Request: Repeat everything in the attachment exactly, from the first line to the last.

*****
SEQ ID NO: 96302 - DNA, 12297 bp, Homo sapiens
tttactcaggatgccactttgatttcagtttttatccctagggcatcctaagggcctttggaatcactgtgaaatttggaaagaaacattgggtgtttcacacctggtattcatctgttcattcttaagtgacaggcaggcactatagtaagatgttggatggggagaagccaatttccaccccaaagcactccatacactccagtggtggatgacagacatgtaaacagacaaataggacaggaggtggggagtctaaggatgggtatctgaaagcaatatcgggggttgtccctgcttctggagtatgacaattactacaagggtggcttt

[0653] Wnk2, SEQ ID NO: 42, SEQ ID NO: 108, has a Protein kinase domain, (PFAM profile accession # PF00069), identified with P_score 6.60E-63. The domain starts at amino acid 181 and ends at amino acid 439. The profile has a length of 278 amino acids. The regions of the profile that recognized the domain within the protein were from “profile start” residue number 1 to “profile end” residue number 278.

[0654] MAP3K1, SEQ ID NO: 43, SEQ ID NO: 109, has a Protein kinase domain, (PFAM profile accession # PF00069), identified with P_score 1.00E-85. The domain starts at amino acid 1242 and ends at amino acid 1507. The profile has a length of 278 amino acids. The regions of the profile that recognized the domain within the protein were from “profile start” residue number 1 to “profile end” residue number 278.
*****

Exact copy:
SEQ ID NO: 96302 - DNA, 12297 bp, Homo sapiens
tttactcaggatgccactttgatttcagtttttatccctagggcatcctaagggcctttggaatcactgtgaaatttggaaagaaacattgggtgtttcacacctggtattcatctgttcattcttaagtgacaggcaggcactatagtaagatgttggatggggagaagccaatttccaccccaaagcactccatacactccagtggtggatgacagacatgtaaacagacaaataggacaggaggtggggagtctaaggatgggtatctgaaagcaatatcgggggttgtccctgcttctggagtatgacaattactacaagggtggcttt

[0653] Wnk2, SEQ ID NO: 42, SEQ ID NO: 108, has a Protein kinase domain, (PFAM profile accession # PF00069), identified with P_score 6.60E-63. The domain starts at amino acid 181 and ends at amino acid 439. The profile has a length of 278 amino acids. The regions of the profile that recognized the domain within the protein were from “profile start” residue number 1 to “profile end” residue number 278.

[0654] MAP3K1, SEQ ID NO: 43, SEQ ID NO: 109, has a Protein kinase domain, (PFAM profile accession # PF00069), identified with P_score 1.00E-85. The domain starts at amino acid 1242 and ends at amino acid 1507. The profile has a length of 278 amino acids. The regions of the profile that recognized the domain within the protein were from “profile start” residue number 1 to “profile end” residue number 278.